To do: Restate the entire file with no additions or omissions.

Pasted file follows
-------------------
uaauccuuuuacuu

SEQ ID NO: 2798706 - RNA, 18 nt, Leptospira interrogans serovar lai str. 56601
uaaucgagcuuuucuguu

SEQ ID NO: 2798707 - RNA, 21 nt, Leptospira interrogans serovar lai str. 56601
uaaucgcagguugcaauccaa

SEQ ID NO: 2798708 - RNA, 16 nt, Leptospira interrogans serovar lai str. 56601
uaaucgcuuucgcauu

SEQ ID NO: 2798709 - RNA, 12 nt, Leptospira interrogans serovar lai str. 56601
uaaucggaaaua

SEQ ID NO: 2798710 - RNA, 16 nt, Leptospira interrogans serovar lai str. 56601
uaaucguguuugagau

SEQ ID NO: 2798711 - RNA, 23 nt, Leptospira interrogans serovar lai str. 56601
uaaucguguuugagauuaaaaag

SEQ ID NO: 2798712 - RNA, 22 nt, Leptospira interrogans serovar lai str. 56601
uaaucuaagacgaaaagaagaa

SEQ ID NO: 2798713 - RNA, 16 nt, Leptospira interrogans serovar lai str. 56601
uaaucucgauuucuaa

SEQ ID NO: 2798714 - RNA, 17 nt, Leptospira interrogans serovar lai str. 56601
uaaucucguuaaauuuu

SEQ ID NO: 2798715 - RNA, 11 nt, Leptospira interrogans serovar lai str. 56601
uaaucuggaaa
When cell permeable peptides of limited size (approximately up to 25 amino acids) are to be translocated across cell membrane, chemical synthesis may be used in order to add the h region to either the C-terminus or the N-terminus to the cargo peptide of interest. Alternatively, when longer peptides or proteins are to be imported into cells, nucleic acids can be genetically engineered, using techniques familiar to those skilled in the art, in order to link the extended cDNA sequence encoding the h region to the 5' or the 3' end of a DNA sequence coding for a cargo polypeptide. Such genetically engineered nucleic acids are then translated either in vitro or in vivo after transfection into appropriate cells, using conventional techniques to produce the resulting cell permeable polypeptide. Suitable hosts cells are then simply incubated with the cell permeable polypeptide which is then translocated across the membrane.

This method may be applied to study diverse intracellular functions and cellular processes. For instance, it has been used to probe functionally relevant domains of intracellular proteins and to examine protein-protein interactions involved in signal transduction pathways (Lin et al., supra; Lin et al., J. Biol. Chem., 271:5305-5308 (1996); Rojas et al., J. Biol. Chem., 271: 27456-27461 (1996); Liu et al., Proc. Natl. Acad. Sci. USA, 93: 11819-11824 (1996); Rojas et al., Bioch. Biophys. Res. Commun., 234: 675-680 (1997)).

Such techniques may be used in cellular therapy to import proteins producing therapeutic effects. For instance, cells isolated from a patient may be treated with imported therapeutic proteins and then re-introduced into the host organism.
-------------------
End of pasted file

uaauccuuuuacuu

SEQ ID NO: 2798706 - RNA, 18 nt, Leptospira interrogans serovar lai str. 56601
uaaucgagcuuuucuguu

SEQ ID NO: 2798707 - RNA, 21 nt, Leptospira interrogans serovar lai str. 56601
uaaucgcagguugcaauccaa

SEQ ID NO: 2798708 - RNA, 16 nt, Leptospira interrogans serovar lai str. 56601
uaaucgcuuucgcauu

SEQ ID NO: 2798709 - RNA, 12 nt, Leptospira interrogans serovar lai str. 56601
uaaucggaaaua

SEQ ID NO: 2798710 - RNA, 16 nt, Leptospira interrogans serovar lai str. 56601
uaaucguguuugagau

SEQ ID NO: 2798711 - RNA, 23 nt, Leptospira interrogans serovar lai str. 56601
uaaucguguuugagauuaaaaag

SEQ ID NO: 2798712 - RNA, 22 nt, Leptospira interrogans serovar lai str. 56601
uaaucuaagacgaaaagaagaa

SEQ ID NO: 2798713 - RNA, 16 nt, Leptospira interrogans serovar lai str. 56601
uaaucucgauuucuaa

SEQ ID NO: 2798714 - RNA, 17 nt, Leptospira interrogans serovar lai str. 56601
uaaucucguuaaauuuu

SEQ ID NO: 2798715 - RNA, 11 nt, Leptospira interrogans serovar lai str. 56601
uaaucuggaaa
When cell permeable peptides of limited size (approximately up to 25 amino acids) are to be translocated across cell membrane, chemical synthesis may be used in order to add the h region to either the C-terminus or the N-terminus to the cargo peptide of interest. Alternatively, when longer peptides or proteins are to be imported into cells, nucleic acids can be genetically engineered, using techniques familiar to those skilled in the art, in order to link the extended cDNA sequence encoding the h region to the 5' or the 3' end of a DNA sequence coding for a cargo polypeptide. Such genetically engineered nucleic acids are then translated either in vitro or in vivo after transfection into appropriate cells, using conventional techniques to produce the resulting cell permeable polypeptide. Suitable hosts cells are then simply incubated with the cell permeable polypeptide which is then translocated across the membrane.

This method may be applied to study diverse intracellular functions and cellular processes. For instance, it has been used to probe functionally relevant domains of intracellular proteins and to examine protein-protein interactions involved in signal transduction pathways (Lin et al., supra; Lin et al., J. Biol. Chem., 271:5305-5308 (1996); Rojas et al., J. Biol. Chem., 271: 27456-27461 (1996); Liu et al., Proc. Natl. Acad. Sci. USA, 93: 11819-11824 (1996); Rojas et al., Bioch. Biophys. Res. Commun., 234: 675-680 (1997)).

Such techniques may be used in cellular therapy to import proteins producing therapeutic effects. For instance, cells isolated from a patient may be treated with imported therapeutic proteins and then re-introduced into the host organism.